Tomorrow I hope to show you my completed chair, till then you must imagine what it will look like...
Konstantin Kalynovych is another Russian Illustrator whom I adore. His work is as finely drawn is Durer's with wonderful surreal overtones and true fairy tale imagination woven in. One has to look many times to catch all the details he has created. Whimsical plays on reality stir our imagination - ice skating on a neck ruff, origami birds flying through the woods, and bigger than life shadows leading the way. Delightful!!!
I absolutely adore the fairy tale illustrations of Russian artist Gennady Spirin!
Kathy Viksjo writes in The Times on June 7, 1998: "He incorporates Raphael’s rich color—deep gold, blue and crimson reds—together with the Italian master’s classical compositions, into many of his illustrations. The microscopic precision of his super—realism recalls Flemish great Jan Van Eyck, while Spirin’s unbelievable graphic facility is like that of German Renaissance artist, Albert Durer…Even at first glance, viewers intuitively know that this is one of the masters of our time…Spirin is like a magician, using his paint brush as a wand."
His lushly detailed images evoke deep feelings of wonder, romance and idyllic sensibilities!
This wonderful painting by Sir Edward Burne-Jones. Long lost, and from the height of his career it came up to auction at Christies recently and sold for 2 Million! How lucky we are that it is now in public view again!!!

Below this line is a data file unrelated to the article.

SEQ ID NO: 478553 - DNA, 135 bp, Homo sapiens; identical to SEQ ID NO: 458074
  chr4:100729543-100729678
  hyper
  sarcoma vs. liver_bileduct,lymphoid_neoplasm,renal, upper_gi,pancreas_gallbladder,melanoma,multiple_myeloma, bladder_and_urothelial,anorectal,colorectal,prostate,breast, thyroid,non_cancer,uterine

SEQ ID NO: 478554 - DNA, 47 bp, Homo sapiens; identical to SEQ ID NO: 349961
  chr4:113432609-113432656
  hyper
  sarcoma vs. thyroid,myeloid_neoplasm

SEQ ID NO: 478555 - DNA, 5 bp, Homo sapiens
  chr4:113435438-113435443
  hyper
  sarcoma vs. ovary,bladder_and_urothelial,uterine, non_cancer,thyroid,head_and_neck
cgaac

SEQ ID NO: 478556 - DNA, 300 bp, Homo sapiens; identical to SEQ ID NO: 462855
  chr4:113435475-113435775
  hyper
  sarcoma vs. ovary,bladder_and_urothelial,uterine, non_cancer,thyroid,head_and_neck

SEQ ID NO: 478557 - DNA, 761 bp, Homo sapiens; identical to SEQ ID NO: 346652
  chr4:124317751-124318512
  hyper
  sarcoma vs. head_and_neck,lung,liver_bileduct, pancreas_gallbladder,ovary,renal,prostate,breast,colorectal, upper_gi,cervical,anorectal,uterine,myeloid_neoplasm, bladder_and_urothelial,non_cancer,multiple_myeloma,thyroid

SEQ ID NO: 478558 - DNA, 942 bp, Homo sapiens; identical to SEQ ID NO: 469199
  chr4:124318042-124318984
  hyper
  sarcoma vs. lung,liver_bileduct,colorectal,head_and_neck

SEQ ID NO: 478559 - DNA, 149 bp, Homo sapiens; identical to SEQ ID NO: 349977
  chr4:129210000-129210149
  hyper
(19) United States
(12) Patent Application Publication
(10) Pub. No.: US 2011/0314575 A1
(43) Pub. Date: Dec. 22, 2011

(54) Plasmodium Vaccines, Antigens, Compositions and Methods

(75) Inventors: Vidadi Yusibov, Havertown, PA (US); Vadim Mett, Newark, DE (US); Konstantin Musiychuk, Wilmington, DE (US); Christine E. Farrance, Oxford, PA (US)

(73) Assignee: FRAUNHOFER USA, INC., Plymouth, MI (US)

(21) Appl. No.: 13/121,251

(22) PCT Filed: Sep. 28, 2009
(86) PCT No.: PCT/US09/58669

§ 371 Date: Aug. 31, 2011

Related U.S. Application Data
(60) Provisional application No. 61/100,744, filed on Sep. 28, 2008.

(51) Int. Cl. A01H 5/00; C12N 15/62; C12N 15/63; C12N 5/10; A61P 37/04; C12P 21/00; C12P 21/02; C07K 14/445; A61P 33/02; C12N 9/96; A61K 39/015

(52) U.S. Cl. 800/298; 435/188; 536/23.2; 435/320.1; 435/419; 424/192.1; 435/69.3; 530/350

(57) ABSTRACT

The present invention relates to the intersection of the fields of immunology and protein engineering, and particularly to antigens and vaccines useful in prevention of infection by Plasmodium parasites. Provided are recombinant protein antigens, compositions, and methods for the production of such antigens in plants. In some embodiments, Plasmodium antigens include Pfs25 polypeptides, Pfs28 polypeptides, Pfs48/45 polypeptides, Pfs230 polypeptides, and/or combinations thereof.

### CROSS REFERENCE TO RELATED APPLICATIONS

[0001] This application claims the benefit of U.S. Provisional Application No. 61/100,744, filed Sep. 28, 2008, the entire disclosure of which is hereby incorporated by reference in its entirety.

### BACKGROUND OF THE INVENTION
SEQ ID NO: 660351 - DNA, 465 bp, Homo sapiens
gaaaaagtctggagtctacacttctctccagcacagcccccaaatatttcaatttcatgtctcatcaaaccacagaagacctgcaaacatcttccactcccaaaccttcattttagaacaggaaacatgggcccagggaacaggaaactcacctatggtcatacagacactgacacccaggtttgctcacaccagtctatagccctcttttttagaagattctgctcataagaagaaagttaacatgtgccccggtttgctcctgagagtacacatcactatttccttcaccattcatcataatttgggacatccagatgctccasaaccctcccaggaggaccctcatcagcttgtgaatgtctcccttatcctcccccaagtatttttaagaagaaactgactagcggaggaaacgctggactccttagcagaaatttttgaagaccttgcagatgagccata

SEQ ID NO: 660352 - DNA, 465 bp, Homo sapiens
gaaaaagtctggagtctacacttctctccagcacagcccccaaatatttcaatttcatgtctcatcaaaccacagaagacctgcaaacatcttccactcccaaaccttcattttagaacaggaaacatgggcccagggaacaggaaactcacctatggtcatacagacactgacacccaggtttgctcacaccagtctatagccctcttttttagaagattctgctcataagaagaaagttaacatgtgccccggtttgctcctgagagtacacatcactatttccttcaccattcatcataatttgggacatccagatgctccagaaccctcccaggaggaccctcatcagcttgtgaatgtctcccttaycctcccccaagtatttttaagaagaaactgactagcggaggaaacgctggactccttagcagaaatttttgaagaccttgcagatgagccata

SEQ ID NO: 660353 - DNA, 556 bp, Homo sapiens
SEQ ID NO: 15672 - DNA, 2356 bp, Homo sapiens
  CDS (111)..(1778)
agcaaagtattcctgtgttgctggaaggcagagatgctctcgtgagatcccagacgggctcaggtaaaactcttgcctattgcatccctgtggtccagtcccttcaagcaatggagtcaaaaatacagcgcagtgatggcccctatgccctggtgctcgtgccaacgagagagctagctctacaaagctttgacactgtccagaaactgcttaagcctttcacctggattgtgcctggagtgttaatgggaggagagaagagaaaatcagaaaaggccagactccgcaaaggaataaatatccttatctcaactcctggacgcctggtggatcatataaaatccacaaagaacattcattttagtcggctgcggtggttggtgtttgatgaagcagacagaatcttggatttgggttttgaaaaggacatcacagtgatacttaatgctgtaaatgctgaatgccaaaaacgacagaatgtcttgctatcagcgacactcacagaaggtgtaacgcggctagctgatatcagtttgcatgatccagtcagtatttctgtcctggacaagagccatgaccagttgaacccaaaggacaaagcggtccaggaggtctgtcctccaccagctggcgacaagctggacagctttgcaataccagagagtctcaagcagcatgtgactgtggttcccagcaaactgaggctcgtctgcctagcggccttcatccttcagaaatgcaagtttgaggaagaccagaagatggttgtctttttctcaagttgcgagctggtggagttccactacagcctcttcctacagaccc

I first discovered the work of Dutch artist Ans Bakker a few years ago while reading an article about her home in the book Country Interiors. I feel in love with her organic and creative style that focused on 'Nests' and 'Romance'. Ans uses a variety of materials including found branches, glass, copper, iron and other recycled materials to create her own special blend of 'atmosphere'! "It is like digging up old fossils" she explains, "They slowly develop under my hands, sometimes by working, but often by living and giving shape to events. I create the frozen moment. It is me who stops time, no one else."
Ans' newer work has a modern reliquary feel, with molten glass shaped into crosses, globes, crowns and other magical forms. They do indeed look like ancient frozen relics dug up from a royal site on Northern Land. It is as if she met the Snow Queen deep in the woods, claimed the magic for her self and created a new alchemy!
Ans has a blog which you can reach via her site. If you click on the first link to the left on her site, you will find a 'English' translation that will lead you through all her galleries!
Whenever I visit my Husbands family in Minneapolis, I ALWAYS make a point of going to the American Swedish Institute. Although I am Danish, I adore the scandinavian history and exhibitions that the ASI offers. This past Thanksgiving, a new room was being opened. If I remember correctly they called it a 'Women's Weaving Room'. Although the room was empty, the incredible painting on the walls made it rich and warm to be in. The opulent and glorious roses painted on the upper edges all around the room, were dreamy and truly romantic! I couldn't resist stealing some photos to share with you!!!